Potentially hundreds of failing Chicago State University students received state financial aid even though their grades were so low that they shouldn't have been allowed to take classes, according to testimony Wednesday at a state hearing.
The money could have gone to other low-income students in Illinois, Sen. Edward Maloney, D-Chicago, chair of the Senate Higher Education Committee, said at a meeting to review a troubling financial audit and other campus issues.
Wednesday's legislative hearing came after the Tribune reported last month that the South Side public university intentionally allowed failing students to remain in school to boost its enrollment numbers.
Maloney, who requested state financial aid information after the Tribune report, said that during the 2008-09 academic year, 449 Chicago State students received state grant money even though, under university policy, an untold number of them should have been dismissed for poor academic performance.
Of those students, 106 had a grade-point average of 0.0 and still received aid from the taxpayer-funded Monetary Award Program, known as MAP.
The state's largest grant program for low-income students is persistently underfunded, and 151,000 qualified students were shut out of aid last year. The maximum MAP award is $4,968 a year.
Chicago State President Wayne Watson, who took over in 2009, has said the practice of allowing failing students to stay on the rolls began in 2007 as an intentional effort to boost enrollment figures and then continued without the knowledge of current campus leaders. Watson has been touting increased retention and graduation rates as evidence that the institution is improving.
Chicago State has a policy that students with a grade-point average below 1.8 will be dismissed "for poor scholarship," but records obtained by the Tribune show students were allowed to continue registering for classes with GPAs as low as 0.0. Students who have a GPA less than 2.0 after 60 credit hours also are to be dismissed.
Watson acknowledged that enrollment and retention numbers were slightly inflated as a result and said he ended the practice as soon as he learned about it this spring.
The university dismissed 298 students for poor performance at the end of the spring semester, the same time the Tribune began asking for the GPA data.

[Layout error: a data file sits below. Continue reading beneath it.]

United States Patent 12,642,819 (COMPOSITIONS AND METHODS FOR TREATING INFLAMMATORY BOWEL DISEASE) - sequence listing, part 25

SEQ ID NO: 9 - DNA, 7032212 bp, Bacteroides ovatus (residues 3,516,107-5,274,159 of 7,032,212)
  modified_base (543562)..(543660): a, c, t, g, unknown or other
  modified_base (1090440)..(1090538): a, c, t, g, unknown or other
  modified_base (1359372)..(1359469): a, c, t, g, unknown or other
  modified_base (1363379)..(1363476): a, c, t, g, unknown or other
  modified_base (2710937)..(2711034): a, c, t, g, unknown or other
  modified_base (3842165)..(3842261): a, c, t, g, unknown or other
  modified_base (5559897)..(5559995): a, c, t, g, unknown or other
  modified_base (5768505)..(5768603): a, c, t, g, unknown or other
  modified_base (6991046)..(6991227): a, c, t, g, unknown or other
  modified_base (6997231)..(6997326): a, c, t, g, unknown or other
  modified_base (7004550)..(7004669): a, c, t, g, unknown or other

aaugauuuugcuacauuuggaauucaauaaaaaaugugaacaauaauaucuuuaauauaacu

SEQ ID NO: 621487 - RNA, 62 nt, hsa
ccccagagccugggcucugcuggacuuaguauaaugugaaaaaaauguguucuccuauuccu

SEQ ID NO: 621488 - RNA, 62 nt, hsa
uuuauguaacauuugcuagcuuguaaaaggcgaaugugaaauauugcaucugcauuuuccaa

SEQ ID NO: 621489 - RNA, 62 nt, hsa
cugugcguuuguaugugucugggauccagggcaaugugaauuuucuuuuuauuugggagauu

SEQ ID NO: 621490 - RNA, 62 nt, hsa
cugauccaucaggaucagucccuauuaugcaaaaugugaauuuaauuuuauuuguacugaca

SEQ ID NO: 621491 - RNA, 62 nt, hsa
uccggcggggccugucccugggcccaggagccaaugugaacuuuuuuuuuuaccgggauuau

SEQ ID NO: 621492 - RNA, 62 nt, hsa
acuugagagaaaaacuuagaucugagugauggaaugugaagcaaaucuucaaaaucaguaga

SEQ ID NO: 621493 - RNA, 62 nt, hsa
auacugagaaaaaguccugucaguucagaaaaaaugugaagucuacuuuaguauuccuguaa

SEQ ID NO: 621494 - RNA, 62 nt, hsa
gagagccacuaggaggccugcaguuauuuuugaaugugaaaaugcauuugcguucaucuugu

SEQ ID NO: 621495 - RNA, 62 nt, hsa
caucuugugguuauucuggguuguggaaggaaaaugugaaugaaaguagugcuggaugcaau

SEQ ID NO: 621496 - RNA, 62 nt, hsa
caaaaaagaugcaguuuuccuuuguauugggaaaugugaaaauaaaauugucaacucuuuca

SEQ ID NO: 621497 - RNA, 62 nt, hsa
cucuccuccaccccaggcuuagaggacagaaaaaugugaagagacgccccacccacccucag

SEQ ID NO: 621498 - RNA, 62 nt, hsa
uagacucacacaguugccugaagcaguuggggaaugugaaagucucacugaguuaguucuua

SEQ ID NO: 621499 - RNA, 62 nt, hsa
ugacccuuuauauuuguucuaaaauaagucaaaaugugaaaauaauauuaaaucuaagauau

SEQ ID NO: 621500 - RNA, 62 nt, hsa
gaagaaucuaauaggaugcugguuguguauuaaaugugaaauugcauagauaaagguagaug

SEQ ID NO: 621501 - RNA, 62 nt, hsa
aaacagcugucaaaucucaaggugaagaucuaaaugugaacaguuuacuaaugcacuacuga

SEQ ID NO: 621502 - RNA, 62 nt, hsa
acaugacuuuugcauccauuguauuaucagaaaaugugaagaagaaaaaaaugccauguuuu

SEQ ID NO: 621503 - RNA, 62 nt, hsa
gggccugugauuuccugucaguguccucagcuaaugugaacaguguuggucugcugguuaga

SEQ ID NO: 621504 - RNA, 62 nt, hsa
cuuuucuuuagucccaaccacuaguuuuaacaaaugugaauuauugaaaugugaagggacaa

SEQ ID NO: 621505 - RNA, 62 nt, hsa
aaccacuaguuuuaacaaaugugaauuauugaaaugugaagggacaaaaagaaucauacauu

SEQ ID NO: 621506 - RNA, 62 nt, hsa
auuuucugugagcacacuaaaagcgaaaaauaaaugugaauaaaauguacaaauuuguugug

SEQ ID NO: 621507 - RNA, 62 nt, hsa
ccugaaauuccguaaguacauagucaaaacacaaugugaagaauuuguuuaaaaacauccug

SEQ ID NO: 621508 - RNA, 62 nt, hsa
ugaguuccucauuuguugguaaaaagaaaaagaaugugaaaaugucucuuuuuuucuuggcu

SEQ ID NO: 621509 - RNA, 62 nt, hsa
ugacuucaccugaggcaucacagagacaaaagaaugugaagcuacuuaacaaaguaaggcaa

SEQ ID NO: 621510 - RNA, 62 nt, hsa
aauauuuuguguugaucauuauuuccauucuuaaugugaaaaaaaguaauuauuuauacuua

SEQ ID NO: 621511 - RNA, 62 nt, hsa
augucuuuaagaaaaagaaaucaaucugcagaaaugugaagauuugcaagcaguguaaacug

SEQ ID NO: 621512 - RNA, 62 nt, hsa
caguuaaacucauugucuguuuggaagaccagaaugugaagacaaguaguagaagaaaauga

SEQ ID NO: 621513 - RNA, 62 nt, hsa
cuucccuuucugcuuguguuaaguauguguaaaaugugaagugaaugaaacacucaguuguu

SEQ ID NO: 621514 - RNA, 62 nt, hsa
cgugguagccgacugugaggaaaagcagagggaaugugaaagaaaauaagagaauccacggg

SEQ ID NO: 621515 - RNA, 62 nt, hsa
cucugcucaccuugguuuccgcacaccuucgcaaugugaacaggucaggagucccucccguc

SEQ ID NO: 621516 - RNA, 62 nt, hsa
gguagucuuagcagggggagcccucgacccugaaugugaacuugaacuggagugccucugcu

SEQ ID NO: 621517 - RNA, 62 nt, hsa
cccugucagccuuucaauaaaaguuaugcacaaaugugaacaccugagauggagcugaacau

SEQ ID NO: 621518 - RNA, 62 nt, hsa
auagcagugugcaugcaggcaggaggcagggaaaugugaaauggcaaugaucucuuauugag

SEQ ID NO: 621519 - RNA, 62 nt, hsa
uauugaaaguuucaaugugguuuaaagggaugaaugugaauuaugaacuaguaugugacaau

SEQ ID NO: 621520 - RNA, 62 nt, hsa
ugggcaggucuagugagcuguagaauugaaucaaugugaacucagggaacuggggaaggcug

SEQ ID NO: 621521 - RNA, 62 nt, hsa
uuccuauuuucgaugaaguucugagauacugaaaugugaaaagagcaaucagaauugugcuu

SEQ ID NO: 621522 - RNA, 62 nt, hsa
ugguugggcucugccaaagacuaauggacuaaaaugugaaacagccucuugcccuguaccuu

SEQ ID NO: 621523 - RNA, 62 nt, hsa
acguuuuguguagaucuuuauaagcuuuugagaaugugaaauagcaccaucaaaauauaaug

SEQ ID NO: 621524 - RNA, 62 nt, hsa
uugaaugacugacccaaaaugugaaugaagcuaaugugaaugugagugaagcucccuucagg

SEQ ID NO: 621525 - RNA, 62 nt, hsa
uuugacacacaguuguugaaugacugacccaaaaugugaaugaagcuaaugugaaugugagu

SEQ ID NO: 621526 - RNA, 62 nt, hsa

"We found it, we discontinued it, we took action for those individuals who were not in compliance," Watson said. "We are in compliance as we sit here today."
During the 2008-09 year, 2,941 Chicago State students received MAP funding. About 15 percent — 449 students had GPAs below 2.0 at the end of the school year, according to figures Maloney received from the Illinois Student Assistance Commission, which administers the MAP program.
Because of the way the MAP data is collected, the 449 could include students who had higher GPAs when they applied for the funding; dropped out after the official drop deadline because of extenuating circumstances; or had a 0.0 because they took only non-credit classes.
"It's really disturbing. It's frustrating," Maloney said after the hearing. "But I think (Watson) is serious about (improving) this."
There are about 7,200 students at Chicago State, a taxpayer-funded school that serves mostly minority undergraduate and graduate students, producing more African-American graduates in the health care professions than any other university in the state, Watson said.
But the university for years has grappled with widespread financial mismanagement, scathing audits and a failure to graduate students. Watson said it is taking time to fix its many problems.
Maloney encouraged the university to do a better job recruiting high-performing students in the city and suburbs. He questioned the university's decision to admit students with ACT scores as low as 15.
Sen. Christine Johnson, R-Shabbona, said she was "mortified" when she read Chicago State's most recent audit, which uncovered 41 problems from July 2009 to June 2010, up from 13 the prior year. The audit found the university failed to send tuition bills to students during the spring 2010 semester, misspent federal grant money and had lax control over contracts.
University officials detailed several changes they've made. They now have three internal auditors, up from one, and are hiring a fourth. The university now electronically tracks purchases and contracts so there is more oversight and less possibility that procedures won't be followed.
"Chicago State University does have in place the administrative and internal controls necessary to ensure that we are fiscally strong and fiscally sound," said Glenn Meeks, the university's vice president of administration and finance.